Why Research Long-Term Unemployment?

Long term unemployment is commonly defined as unemployment lasting for longer than six months. Since the Great Recession of 2008, long-term unemployment has remained at persistently high levels in both Canada and the United States. For example, in the Province of Ontario, the share of the unemployed who were without work for six months or more was 11.7% in January 2008. In January of 2015 that figure stood at nearly 21%. In Missouri, an average of 31% of unemployed jobseekers had been jobless for six months or longer in 2014. The problem of long-term unemployment appears even more pressing if it is defined to include not only those unemployed for six months or longer, but also people who want to work but have given up active job-seeking as well as people who are underemployed. In Canada, for example, the underemployment rate in 2013 was 14.2%, which is twice the rate of unemployment. Long-term unemployment presents immense challenges for individuals including social marginalization, financial insecurity, detrimental health outcomes, and stigmatization. Long-term unemployment also makes other forms of labour market disadvantage worse. For example, research shows that racialized people and older workers are disproportionately represented among the long-term unemployed.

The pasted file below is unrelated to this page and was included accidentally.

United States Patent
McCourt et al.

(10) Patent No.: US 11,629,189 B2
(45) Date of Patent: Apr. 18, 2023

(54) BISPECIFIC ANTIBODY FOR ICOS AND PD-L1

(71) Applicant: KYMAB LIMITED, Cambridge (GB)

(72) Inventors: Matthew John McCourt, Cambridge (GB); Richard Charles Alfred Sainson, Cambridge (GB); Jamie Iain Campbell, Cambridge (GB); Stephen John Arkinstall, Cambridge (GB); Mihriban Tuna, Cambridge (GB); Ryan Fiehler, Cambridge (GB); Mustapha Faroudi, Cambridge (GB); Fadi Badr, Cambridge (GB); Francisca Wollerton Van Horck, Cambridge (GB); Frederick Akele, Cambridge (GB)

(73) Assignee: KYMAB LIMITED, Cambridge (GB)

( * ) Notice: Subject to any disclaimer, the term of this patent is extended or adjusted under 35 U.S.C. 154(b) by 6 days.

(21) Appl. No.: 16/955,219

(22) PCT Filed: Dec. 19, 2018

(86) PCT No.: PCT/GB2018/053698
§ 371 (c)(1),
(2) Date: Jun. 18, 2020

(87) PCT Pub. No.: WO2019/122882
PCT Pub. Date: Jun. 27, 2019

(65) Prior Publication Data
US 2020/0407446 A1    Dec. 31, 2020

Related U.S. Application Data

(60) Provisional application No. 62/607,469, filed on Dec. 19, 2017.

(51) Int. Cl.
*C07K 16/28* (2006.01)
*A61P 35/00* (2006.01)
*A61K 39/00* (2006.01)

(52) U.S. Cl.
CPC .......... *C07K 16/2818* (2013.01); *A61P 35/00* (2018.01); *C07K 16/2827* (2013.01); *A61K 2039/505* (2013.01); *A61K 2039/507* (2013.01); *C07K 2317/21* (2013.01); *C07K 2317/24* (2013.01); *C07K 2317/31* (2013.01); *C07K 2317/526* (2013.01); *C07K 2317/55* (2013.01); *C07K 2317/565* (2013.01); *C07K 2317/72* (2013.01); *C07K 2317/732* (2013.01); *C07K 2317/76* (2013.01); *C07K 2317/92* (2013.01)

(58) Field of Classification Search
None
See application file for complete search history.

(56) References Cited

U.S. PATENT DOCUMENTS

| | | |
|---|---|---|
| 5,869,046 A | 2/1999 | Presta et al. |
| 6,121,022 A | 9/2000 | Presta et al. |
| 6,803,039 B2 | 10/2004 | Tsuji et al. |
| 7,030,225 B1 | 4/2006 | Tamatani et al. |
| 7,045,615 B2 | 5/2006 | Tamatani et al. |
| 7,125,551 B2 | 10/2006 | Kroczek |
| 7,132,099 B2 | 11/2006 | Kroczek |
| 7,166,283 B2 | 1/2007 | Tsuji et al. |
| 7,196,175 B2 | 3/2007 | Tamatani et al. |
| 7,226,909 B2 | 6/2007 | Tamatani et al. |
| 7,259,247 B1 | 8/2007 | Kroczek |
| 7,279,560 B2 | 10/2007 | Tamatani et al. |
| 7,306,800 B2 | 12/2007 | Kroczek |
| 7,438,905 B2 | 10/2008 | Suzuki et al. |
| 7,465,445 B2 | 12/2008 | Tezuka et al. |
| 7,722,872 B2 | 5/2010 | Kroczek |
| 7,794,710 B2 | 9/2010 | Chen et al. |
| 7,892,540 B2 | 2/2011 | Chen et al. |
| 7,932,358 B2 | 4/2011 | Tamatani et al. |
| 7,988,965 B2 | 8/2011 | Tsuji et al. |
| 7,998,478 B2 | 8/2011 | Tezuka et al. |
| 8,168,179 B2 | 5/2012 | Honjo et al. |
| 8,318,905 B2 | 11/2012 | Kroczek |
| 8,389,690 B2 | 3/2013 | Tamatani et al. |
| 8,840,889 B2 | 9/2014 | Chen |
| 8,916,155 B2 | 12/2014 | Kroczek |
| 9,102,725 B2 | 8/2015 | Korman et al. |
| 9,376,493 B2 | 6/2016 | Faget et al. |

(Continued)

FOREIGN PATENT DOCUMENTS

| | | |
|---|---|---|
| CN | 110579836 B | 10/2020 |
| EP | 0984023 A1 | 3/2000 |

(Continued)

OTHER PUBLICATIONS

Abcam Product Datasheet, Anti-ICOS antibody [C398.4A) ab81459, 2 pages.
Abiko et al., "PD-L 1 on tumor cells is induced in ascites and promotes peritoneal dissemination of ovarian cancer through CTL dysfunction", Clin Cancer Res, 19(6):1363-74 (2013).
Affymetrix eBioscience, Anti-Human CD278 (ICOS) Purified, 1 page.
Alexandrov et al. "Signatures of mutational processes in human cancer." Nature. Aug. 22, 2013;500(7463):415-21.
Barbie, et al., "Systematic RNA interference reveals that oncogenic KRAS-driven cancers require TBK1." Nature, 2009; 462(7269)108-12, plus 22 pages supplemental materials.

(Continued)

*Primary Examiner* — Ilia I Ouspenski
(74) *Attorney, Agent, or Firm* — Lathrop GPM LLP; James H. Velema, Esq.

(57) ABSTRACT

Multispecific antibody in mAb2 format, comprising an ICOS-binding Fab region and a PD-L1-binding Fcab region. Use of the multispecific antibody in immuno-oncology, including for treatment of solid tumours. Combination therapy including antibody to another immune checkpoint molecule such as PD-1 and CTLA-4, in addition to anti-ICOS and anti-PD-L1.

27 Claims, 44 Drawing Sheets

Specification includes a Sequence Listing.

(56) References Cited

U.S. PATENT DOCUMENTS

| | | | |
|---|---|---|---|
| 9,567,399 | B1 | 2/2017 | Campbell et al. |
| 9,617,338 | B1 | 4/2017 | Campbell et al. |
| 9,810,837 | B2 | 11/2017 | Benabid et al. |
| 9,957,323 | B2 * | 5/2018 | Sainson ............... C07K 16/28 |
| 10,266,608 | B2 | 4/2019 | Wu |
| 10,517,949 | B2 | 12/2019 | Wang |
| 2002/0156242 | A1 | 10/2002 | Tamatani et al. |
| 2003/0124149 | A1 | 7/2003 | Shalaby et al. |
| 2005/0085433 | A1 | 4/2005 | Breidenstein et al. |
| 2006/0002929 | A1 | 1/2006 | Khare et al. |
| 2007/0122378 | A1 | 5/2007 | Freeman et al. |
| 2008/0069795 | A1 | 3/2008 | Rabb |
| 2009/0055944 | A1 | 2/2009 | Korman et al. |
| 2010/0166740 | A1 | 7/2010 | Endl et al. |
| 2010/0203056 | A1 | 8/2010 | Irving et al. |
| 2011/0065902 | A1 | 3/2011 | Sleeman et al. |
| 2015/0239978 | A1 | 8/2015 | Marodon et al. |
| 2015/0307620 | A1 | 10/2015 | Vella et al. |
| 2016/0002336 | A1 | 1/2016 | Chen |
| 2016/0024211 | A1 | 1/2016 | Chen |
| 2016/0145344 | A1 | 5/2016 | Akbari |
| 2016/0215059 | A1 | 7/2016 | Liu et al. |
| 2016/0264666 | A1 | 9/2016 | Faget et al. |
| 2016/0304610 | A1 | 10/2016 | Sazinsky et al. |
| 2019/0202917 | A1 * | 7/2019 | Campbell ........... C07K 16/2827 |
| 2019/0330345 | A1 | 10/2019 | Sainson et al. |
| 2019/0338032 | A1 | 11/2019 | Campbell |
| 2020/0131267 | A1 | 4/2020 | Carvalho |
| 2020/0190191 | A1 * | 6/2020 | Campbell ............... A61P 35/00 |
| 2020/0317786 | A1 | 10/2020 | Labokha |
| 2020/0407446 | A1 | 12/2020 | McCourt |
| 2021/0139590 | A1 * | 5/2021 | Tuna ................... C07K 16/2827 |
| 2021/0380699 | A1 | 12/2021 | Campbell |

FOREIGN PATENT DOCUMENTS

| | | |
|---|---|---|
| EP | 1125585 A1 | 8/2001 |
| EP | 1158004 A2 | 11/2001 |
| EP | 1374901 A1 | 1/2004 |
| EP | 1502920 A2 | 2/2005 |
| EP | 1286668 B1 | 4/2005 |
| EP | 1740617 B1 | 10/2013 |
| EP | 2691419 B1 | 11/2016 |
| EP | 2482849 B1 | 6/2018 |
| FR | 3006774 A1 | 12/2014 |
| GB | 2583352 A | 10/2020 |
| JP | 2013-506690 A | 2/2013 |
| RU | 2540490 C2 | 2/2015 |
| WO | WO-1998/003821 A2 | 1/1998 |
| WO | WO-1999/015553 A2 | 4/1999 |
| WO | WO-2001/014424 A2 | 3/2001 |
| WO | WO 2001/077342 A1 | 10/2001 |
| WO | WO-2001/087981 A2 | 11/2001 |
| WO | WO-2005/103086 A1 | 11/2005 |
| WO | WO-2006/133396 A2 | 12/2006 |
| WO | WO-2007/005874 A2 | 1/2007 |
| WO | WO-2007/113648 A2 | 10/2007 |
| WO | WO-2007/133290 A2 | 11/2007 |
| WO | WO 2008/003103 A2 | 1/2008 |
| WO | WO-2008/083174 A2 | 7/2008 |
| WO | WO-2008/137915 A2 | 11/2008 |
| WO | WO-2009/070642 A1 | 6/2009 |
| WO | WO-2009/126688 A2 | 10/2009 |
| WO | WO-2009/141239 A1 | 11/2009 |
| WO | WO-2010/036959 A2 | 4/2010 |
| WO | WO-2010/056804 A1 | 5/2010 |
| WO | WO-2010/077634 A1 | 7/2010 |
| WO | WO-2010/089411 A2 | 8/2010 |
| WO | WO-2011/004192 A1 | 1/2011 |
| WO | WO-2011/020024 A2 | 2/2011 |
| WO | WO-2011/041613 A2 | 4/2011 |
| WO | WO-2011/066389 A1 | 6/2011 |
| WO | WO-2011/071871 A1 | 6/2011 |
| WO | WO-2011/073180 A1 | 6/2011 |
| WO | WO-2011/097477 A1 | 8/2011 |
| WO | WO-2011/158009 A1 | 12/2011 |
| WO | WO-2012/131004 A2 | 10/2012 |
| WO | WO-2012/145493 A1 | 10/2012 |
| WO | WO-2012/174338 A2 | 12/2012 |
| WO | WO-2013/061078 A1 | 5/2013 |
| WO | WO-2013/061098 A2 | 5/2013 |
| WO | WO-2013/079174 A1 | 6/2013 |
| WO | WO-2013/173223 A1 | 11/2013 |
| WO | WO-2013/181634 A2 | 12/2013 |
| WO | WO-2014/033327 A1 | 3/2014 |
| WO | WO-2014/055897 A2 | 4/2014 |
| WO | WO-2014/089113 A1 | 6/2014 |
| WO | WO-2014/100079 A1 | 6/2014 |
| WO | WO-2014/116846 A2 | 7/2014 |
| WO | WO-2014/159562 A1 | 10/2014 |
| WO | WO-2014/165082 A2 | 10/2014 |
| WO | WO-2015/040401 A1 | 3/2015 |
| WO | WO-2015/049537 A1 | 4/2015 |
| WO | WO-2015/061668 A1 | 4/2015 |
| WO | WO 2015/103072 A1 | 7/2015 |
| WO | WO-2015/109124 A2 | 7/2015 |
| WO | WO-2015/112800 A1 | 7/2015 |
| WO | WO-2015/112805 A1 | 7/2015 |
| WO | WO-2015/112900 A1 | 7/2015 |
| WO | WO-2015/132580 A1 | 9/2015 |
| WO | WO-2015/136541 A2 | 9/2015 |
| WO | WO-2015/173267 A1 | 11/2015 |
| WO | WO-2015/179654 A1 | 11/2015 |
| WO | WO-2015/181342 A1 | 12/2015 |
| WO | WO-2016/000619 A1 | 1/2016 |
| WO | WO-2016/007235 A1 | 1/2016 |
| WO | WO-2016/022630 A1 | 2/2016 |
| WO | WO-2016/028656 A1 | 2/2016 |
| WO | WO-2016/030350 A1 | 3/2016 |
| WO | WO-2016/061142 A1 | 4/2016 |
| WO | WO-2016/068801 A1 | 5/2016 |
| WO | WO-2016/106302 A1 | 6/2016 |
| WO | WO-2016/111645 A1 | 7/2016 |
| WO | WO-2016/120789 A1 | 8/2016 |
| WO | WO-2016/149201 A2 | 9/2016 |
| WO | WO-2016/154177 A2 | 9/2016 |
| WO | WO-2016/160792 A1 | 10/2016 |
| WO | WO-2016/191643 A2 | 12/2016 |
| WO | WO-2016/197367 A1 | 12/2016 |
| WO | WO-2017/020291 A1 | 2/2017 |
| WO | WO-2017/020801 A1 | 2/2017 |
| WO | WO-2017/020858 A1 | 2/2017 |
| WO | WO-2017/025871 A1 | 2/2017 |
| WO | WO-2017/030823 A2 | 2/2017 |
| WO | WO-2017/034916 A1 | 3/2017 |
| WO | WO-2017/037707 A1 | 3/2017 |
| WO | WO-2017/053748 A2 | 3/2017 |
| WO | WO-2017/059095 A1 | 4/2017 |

While more people are experiencing long-term unemployment, recent reforms to income security programs have limited the availability of benefits to people who are unemployed. In both Canada and the United States, legislators have introduced tighter eligibility and job search requirements for those seeking benefits. The reasoning behind these reforms is that unemployment is an individual choice, or failure, rather than the result of broader social, economic or political conditions. Additionally, most employment service delivery models that encourage rapid re-employment are often limited in their ability to address the situations of individuals experiencing long-term unemployment. The narrow scope of these responses to unemployment are especially problematic given the complex nature of the challenges that joblessness poses in everyday life. The troubling persistence of long-term unemployment calls for research that can identify the limits of existing policies and service delivery models, as well as opportunities to create support for the unemployed in more adequate and socially just ways.